Chichester Festival Theatre and Birmingham Repertory Company
Chichester Festival Theatre
Although this is two plays and each about one of the infamous Cambridge Spy Ring, in his book Writing Home Bennett confesses that espionage interests him “not a bit”. What does intrigue him is the idea of exile and the comment he gives to Guy Burgess, “I can’t say I love my country because I don’t know what that means,” is one of his own.
He explored that theme in an earlier play, The Old Country, and after its first performance by chance happened to dine with actress Coral Browne who recounted her meeting with Guy Burgess in his somewhat squalid Moscow flat in 1958.
An Englishman Abroad was born from that encounter and with his trademark dry, wry humour Bennett makes no judgements on the situation, except in the case of a sales assistant refusing to sell pyjamas intended for Guy Burgess. Their customers, he states importantly, include the Royal Family and he is not going to deal with a traitor. His patriotism is somewhat diffused when confessing that the establishment he serves is actually Hungarian.
The second play, A Question of Retribution, is set a decade later and Anthony Blunt, an art historian and Surveyor of the Queen’s Pictures, is being interrogated (or gently questioned is a better description) by Chubb representing the Intelligence Service. Blunt, now known to be a traitor, has been given immunity from prosecution if he agrees to give the names of others in the ring, and Chubb is showing slides of people suspected of subversive activities with little success, but at the same time he is learning a great deal about art.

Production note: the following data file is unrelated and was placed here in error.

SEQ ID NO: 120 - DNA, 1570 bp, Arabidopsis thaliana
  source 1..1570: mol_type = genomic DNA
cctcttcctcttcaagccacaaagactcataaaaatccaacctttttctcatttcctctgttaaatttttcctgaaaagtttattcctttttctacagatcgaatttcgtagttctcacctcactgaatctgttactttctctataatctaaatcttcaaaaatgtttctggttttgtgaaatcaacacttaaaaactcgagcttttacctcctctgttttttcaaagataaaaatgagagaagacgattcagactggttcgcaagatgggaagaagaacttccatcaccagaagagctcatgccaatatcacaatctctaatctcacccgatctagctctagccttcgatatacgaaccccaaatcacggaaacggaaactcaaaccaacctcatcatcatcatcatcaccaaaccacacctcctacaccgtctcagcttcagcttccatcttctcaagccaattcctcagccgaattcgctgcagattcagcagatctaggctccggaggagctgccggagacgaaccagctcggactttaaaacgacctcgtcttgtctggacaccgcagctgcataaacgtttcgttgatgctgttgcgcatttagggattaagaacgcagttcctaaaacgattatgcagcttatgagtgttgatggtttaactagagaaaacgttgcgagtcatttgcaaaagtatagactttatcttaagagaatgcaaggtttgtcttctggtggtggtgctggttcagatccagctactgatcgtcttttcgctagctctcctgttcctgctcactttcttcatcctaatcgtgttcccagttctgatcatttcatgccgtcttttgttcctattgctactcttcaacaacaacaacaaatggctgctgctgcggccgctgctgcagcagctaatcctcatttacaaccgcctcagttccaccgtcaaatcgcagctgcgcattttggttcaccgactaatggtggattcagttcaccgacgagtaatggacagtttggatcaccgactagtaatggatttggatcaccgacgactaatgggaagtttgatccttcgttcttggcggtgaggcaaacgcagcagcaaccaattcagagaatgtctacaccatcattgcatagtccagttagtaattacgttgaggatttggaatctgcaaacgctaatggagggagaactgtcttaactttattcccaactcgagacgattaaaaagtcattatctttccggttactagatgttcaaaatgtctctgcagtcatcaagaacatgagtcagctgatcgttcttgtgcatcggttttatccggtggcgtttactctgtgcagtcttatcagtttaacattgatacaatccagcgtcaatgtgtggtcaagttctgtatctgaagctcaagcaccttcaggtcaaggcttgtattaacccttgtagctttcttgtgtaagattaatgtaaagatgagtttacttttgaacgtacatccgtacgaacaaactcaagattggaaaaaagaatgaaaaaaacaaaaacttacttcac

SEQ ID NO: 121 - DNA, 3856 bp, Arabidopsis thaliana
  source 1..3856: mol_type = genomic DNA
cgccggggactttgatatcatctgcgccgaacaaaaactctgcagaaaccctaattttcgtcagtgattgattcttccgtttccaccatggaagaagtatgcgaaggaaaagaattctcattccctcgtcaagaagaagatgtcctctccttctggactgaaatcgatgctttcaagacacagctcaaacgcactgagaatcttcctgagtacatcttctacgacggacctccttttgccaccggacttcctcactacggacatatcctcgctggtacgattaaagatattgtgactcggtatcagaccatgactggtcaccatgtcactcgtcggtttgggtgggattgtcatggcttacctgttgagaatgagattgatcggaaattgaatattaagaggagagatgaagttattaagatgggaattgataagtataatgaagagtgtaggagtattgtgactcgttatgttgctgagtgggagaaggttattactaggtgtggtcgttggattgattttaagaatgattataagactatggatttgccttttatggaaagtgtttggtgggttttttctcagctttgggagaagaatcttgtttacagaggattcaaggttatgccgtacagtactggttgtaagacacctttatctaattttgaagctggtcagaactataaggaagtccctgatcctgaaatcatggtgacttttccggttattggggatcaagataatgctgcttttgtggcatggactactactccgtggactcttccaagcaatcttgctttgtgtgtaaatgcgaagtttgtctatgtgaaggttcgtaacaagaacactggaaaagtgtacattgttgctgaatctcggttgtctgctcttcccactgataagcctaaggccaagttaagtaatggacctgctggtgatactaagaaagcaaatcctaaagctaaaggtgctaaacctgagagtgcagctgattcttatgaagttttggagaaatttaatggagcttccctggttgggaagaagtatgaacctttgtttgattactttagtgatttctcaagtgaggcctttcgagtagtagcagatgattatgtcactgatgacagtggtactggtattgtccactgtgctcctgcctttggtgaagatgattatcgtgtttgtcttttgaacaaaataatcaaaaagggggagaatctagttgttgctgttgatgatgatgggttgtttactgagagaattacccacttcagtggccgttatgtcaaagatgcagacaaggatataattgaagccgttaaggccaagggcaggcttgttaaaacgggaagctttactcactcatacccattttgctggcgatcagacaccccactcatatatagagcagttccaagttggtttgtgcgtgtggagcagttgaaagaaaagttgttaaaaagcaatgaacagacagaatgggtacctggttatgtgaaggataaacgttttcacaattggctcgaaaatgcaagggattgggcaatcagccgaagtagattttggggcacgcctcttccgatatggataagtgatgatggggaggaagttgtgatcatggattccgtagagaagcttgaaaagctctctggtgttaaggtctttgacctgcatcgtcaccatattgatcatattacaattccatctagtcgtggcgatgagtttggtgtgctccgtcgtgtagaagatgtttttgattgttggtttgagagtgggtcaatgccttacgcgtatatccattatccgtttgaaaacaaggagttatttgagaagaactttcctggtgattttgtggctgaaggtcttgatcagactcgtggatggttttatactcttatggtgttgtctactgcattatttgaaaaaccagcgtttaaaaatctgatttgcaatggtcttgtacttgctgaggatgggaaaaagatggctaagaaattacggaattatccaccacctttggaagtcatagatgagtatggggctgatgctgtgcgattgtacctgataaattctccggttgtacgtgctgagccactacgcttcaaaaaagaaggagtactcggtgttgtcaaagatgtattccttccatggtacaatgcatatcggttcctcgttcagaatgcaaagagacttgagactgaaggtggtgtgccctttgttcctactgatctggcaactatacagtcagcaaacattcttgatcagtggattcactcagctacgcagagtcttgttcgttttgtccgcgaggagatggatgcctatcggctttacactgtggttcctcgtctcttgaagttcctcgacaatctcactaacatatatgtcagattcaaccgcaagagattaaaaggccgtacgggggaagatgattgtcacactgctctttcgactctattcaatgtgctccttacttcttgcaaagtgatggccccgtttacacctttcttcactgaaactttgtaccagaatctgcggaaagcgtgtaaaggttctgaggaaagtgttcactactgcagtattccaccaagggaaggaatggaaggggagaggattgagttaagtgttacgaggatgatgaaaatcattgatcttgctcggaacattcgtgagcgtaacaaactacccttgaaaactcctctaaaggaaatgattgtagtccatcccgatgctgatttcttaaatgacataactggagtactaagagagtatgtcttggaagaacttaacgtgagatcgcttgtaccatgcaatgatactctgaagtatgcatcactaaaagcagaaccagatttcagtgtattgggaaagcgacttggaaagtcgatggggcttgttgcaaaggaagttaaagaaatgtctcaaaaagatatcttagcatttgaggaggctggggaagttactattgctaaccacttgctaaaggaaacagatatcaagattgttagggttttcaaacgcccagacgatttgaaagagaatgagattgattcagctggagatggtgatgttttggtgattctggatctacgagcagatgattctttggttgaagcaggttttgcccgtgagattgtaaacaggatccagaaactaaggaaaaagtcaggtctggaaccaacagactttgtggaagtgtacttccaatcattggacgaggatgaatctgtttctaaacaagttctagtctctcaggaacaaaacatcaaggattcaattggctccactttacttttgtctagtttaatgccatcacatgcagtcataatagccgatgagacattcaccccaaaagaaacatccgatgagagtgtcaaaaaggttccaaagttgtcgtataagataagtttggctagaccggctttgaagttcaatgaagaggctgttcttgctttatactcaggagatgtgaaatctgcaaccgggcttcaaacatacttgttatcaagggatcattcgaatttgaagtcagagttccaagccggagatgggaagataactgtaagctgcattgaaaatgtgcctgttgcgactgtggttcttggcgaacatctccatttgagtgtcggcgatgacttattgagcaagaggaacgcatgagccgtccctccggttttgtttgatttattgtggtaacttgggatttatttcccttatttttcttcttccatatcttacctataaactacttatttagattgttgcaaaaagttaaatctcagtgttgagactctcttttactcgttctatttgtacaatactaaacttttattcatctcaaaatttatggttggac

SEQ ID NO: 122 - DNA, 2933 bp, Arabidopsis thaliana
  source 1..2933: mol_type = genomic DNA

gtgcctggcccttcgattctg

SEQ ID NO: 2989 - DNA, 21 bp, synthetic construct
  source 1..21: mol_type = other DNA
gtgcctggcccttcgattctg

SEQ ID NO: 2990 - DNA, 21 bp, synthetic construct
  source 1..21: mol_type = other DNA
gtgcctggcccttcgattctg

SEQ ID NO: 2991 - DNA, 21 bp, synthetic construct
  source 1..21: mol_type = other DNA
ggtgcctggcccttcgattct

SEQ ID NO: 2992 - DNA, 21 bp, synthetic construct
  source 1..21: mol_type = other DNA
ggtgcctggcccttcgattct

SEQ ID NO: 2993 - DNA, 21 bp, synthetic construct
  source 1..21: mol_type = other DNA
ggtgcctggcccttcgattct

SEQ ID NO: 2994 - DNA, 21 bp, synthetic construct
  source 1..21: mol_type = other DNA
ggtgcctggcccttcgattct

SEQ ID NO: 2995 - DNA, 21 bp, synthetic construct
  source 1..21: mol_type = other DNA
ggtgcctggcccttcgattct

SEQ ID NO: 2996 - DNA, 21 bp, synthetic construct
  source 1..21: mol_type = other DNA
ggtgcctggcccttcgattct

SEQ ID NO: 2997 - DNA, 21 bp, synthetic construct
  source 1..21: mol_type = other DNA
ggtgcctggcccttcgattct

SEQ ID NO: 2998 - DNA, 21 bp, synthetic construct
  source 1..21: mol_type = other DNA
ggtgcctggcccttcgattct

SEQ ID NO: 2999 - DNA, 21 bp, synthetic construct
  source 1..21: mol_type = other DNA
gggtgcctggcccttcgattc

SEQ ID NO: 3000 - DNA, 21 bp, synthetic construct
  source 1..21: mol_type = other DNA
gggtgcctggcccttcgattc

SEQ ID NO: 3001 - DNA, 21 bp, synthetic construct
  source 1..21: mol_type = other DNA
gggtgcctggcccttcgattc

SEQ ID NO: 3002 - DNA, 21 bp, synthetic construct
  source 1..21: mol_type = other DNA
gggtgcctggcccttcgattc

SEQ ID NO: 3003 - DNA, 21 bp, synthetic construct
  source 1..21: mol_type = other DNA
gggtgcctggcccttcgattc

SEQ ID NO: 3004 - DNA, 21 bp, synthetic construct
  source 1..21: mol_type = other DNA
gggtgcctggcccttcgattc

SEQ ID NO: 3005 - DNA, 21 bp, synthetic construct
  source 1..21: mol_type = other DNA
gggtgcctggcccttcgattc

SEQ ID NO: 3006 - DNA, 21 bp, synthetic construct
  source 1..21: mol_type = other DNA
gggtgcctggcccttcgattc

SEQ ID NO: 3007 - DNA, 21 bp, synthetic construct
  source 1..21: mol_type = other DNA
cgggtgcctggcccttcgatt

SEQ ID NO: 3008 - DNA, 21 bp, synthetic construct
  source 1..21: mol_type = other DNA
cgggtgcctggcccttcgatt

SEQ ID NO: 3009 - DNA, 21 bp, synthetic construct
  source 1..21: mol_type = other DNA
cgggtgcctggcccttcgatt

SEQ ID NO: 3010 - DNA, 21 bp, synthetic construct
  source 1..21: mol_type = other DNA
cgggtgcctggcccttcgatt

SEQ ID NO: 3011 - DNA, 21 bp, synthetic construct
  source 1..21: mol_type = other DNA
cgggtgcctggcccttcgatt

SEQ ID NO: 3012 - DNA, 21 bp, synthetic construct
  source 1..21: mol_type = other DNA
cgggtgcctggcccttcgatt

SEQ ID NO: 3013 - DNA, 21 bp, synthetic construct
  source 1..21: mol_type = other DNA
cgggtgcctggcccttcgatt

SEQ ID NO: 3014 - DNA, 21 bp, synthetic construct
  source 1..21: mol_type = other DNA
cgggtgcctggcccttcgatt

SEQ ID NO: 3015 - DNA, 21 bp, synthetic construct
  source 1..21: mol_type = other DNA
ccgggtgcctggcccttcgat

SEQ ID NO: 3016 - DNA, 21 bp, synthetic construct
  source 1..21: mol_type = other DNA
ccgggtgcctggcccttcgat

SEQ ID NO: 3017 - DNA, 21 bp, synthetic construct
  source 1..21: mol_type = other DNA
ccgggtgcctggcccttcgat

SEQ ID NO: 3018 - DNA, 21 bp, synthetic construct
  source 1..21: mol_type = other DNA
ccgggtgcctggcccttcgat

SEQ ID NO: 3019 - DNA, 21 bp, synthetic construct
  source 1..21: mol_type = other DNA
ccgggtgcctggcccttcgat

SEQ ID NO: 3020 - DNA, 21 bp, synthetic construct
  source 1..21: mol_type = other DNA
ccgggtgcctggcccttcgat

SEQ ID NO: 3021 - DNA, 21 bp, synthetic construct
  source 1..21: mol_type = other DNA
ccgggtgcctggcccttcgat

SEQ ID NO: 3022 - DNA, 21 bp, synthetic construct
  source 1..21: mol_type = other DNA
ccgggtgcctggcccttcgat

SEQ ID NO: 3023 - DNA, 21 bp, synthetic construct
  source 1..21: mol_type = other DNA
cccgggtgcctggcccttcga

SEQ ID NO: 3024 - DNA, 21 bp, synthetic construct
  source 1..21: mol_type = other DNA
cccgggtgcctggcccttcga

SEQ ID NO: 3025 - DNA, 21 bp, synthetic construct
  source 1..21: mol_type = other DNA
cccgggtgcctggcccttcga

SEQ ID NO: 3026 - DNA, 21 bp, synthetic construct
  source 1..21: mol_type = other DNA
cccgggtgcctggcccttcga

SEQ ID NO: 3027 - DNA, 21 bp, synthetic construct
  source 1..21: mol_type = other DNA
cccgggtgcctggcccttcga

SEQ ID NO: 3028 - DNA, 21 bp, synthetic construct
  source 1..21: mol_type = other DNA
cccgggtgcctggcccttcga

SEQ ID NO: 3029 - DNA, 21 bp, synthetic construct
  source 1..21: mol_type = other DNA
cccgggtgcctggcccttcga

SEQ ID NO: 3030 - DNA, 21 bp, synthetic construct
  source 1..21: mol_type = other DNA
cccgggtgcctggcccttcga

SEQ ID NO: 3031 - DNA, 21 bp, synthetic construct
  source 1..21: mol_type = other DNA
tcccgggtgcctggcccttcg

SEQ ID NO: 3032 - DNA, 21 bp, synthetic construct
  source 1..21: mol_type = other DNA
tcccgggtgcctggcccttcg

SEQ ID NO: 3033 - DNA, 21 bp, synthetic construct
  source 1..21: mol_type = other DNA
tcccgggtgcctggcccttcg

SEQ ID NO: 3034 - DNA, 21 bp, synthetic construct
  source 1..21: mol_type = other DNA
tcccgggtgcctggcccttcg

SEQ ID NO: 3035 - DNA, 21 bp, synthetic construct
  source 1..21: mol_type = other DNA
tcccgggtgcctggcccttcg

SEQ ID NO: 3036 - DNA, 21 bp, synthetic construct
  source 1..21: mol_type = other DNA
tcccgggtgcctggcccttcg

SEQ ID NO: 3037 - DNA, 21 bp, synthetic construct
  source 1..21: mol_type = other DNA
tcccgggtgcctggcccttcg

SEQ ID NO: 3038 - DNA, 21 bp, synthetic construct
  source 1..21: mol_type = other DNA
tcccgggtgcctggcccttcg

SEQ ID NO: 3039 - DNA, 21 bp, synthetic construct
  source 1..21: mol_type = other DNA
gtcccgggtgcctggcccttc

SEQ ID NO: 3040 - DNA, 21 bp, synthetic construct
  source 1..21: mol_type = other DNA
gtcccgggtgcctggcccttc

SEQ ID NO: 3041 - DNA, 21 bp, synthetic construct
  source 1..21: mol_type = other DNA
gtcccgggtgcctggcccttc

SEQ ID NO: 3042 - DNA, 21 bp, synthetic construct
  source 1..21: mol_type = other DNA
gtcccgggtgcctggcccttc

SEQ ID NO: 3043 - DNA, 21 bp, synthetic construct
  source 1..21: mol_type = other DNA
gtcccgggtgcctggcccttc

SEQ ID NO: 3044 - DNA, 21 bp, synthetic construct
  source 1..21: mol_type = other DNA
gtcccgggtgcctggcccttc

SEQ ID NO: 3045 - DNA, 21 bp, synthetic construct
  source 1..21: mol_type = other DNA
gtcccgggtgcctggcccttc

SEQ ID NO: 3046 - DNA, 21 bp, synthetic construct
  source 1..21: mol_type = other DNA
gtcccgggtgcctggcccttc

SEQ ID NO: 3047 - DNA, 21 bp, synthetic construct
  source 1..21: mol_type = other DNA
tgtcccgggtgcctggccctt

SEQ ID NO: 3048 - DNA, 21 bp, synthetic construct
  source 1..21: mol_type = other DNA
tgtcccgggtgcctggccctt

A discussion develops concerning a particular Titian portrait—what was seen and what was either concealed or not immediately visible and did it really matter anyway—and are they still talking about the painting!
The same five-strong cast performs in both plays with Belinda Lang as the very stylish and wittily acerbic Coral Browne and Nicolas Farrell a dishevelled and inebriated Guy Burgess. It seems his escape to ‘freedom’ has led him into a different captivity and his one companion / guard is a young Russian balalaika player, but he still wants to dress as an English gentleman and has invited Browne to lunch with the purpose of measuring him for a suit to be bought in Saville Row. Lunch, as he has burnt the stew, consists of one tomato and a grapefruit.
A quick switch of character in the second play and he becomes Chubb, lighthearted and happily absorbing knowledge of paintings while failing to get any success with his slides. David Robb is Blunt and plays him exactly as I would have believed him to be: aloof, keeping his secrets and his sexual inclinations firmly to himself, but very stiffly upright and immaculately attired.
Switching to Buckingham Palace, his assistants play a trick and disappear while he is hanging a picture, so he is unaware that the Queen has just walked in. In this character, Belinda Lang is just as confidently witty and with a wicked sense of fun behind the regal manner.
The play is beautifully written, well attended, excellently performed and well received by a large and enthusiastic audience, with Rachel Kavanaugh’s sympathetic direction keeping the action firmly on track. Enjoyable, informative and at times very funny.
Reviewer: Sheila Connor